Science is a vital area as it focuses on meeting basic human needs in diverse fields. Hence, science understanding is an increasingly precious resource throughout the world. There has been a steady decline in the number of students studying science over the past decades. Researchers from many different disciplines have been trying to identify the factors that contribute to students' reluctance to enter the science field. Research has shown that there is a positive relation between students' self-concepts, motivation, aspirations, and achievement. However, little is known about the nature of these relations in key scientific domains. As such, the aims of this study are to: (1) develop a psychometrically sound tool to measure secondary students' science self-concepts, motivation and aspirations in biology, chemistry, earth & environmental science, and physics; (2) test the relation of multi-dimensional facets of secondary students' science self-concepts, motivation, aspirations, and achievement across gender and age levels; and (3) identify the barriers to undertaking science for secondary students.
This is a mixed methods study comprising student surveys, student focus groups, and teacher interviews. Surveys were conducted in three high schools with 395 students across three different age levels using a researcher devised instrument. Twelve student focus groups and ten teacher interviews were conducted in two schools. The survey data will be analysed through descriptive analytical methods followed by reliability tests, confirmatory factor analysis, and structural equation modeling and the interview data will be analysed using content and thematic analytical methods.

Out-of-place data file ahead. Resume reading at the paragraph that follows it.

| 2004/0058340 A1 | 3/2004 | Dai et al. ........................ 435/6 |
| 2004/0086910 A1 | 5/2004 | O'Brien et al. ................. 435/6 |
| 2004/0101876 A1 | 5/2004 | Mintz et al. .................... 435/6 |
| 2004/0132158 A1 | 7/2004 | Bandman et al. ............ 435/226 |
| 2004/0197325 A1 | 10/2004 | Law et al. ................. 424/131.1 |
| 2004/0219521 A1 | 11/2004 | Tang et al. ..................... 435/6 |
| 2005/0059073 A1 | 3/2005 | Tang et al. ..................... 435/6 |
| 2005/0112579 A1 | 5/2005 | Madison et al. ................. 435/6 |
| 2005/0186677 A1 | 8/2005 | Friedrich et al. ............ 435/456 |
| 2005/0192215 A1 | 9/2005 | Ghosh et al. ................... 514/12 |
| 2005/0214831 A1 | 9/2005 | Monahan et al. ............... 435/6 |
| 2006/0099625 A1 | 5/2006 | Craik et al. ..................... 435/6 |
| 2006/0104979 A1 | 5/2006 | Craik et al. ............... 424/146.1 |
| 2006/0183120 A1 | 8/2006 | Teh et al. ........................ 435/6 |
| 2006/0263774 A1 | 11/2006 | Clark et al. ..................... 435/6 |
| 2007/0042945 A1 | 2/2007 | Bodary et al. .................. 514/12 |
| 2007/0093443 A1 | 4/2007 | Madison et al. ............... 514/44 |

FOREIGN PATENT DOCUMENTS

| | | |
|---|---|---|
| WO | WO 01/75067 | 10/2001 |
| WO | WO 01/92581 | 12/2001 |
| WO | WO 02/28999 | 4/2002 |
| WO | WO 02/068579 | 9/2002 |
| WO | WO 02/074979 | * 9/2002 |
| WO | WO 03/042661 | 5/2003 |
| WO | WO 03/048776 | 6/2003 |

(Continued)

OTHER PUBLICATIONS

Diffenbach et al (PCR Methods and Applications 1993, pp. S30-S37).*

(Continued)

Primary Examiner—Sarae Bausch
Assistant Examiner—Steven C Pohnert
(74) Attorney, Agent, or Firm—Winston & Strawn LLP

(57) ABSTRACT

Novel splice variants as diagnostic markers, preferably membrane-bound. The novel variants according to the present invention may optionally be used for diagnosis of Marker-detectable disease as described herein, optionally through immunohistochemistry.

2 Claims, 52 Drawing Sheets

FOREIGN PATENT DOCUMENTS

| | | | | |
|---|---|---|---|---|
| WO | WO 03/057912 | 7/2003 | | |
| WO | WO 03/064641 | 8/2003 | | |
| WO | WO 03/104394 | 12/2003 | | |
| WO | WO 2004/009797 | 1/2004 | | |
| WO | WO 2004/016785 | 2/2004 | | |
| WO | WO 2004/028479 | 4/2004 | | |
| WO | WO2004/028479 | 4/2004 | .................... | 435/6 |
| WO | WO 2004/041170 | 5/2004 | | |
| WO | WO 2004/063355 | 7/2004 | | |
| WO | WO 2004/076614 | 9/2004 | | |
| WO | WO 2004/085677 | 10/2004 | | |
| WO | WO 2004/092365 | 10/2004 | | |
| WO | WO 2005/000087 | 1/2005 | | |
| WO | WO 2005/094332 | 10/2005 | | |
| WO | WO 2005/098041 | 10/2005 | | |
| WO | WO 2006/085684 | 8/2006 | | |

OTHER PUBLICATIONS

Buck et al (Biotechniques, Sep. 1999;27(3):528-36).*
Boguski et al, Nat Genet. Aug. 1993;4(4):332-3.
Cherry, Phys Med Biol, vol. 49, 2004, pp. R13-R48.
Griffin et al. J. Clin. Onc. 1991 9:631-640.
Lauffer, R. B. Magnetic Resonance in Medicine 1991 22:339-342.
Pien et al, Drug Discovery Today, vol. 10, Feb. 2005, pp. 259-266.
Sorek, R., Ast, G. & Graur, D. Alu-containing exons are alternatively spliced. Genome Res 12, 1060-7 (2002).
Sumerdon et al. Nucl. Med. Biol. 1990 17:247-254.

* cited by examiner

The first phase of results shows a variety of associations between varying levels of students' self-concepts, motivation, aspirations, and achievement in high school science disciplines. Qualitatively speaking a number of perceived barriers were raised surrounding issues of the difficulty of the subject matter, quality teaching, and the limited perceived career opportunities available in science. In combination, both the quantitative and qualitative results elucidate what may be important characteristics for the fostering future of successful science students.
Conclusion and significance
Preliminary results suggest that students' self-concepts, motivation, and aspirations are related with their engagement in high school science. It is also clear that students do have very definite opinion about science. The findings of this study will be utilised to inform theory, research, and practice on seeding success in science.